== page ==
If the images appear to be safe to delete, you can select the image checkboxes and click the “Delete” button.
Or click the “Delete all” button.
Note: In my testing, I found it preferable to select the images and click the “Delete” button. Clicking the “Delete all” button sometimes permanently deleted images (even though Media Library trash was enabled).
Step 5: Restore Files (If Needed)
If you have enabled the Media Library “trash” by editing the wp-config.php file as noted above, you may be able to retrieve deleted images. To see the files that have been moved to the Trash directory, open the Media Library and select “Trash” from the drop-down.
Click the image you want to retrieve and scroll down to the bottom of the popup window. Click the “Restore from Trash” link.
And that marks the end of the tutorial. Feel free to delete the plugin when you are done with your cleaning. You can safely reinstall it and delete it as many times as you need.
To Clean or Not to Clean
It can be a little disconcerting using any plugin that deletes files. In fairness to Media Cleaner, the “pro” version is much more thorough and presumably safer to use. It may be the best plugin for cleaning WordPress media files.
But if you’re careful with the free version, you should be able to use it without any problems. And if you’re conscientious about your backups and have the Media Library trash enabled, you can get yourself out of any jams you happen to get into.
But the question of whether it’s really necessary to remove unused image files from your site is subjective. For most of us, it may not be necessary. But if you have an older site or a site where you’ve removed a lot of posts, a file cleaner can lighten the load and reduce your backup time and storage space needs.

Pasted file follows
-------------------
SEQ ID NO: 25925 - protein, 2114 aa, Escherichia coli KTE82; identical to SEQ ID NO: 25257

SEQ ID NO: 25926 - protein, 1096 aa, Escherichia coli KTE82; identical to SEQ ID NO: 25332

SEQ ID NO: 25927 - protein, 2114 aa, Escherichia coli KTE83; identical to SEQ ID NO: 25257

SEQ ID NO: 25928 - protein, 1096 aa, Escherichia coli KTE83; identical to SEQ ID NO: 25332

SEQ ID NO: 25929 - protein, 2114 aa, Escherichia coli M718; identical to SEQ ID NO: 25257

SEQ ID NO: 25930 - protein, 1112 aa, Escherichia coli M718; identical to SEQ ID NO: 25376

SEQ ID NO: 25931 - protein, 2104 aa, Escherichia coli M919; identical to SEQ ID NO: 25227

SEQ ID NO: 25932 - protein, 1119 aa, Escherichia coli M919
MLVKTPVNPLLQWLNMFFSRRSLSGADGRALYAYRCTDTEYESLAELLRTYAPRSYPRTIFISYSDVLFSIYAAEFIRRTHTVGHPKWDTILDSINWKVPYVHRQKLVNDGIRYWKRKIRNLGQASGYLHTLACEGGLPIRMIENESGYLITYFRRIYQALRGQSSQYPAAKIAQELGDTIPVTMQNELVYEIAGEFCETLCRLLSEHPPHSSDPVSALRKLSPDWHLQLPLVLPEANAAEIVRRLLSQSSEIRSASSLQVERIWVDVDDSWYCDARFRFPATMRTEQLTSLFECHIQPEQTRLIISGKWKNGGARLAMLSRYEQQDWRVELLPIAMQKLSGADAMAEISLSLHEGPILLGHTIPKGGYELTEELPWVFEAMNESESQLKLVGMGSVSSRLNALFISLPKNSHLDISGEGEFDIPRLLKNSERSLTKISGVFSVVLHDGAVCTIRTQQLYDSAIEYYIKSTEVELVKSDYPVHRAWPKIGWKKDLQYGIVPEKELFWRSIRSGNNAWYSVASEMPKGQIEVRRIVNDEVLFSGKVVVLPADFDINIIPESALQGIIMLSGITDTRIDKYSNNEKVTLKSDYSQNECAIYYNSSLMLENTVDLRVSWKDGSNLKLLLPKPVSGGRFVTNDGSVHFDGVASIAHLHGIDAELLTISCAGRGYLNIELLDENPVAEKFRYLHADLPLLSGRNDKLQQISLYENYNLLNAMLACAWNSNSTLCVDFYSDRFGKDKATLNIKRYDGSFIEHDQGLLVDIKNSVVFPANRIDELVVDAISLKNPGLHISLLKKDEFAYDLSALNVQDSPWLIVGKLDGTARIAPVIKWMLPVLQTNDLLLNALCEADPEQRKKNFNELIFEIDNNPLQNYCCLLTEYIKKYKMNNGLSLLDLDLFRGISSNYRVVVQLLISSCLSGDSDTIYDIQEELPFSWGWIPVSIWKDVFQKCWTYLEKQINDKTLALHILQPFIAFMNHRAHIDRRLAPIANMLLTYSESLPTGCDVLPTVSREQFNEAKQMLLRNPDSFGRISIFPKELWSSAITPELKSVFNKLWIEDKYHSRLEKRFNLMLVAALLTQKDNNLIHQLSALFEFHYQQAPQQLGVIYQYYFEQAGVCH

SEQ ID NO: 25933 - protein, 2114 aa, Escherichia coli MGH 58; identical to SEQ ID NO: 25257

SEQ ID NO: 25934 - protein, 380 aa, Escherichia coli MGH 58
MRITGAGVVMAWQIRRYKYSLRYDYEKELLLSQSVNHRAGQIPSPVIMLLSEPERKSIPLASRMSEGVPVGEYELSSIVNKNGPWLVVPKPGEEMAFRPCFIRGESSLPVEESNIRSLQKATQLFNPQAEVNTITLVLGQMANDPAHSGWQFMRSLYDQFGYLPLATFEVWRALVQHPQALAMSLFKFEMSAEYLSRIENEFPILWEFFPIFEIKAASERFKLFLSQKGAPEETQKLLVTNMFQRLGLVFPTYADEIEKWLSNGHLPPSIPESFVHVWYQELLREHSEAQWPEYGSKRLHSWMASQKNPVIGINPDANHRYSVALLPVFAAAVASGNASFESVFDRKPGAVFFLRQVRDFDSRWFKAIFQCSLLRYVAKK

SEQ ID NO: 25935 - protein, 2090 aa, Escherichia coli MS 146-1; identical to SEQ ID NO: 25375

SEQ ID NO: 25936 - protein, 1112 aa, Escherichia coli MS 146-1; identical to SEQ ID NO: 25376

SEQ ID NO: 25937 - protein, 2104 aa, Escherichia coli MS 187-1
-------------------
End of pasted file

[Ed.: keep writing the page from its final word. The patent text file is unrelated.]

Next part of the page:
And who knows, maybe you just like a tidy house. There’s nothing wrong with that either.
Bonus Plugin: Media File Renamer
This screenshot shows the image filenames in my WordPress test setup (I use WordPress Theme Unit Test data) and the names suggested by the plugin.
As you can see, the image name suggestions can be helpful when it comes to SEO. Google indexes images and they prefer a filename like wind-farm.jpg to dsc20050102_192118_51.jpg. The default camera filename doesn’t describe the image, wind-farm.jpg does.
So the Media File Renamer is worth checking out. You may have noticed that the image file name suggestions are taken from the image title entered when the image is uploaded. If you don’t title your images on upload, the plugin is going to be less useful, but it’s still worth a peek.
Save Space And Money By Deleting Old Files
Let’s not beat around the bush, if your website uses more server space, you are going to pay for it one way or another. Many web hosting plans give you a certain amount of space, and when you exceed that, you are going to have to upgrade your plan.
That can be really expensive in some cases.
It’s also worth thinking about the cost of backups and cloud storage. Every website has at least one backup, or at least they should. Some backup services charge you based on the amount of data, so once, again you can save money.
And also keep in mind that you need to store this backup. The bigger it is, the harder it becomes to save the data.
Have you ever considered cleaning out your WordPress Media Library? Do you back up your WordPress site files? Let me know in the comments.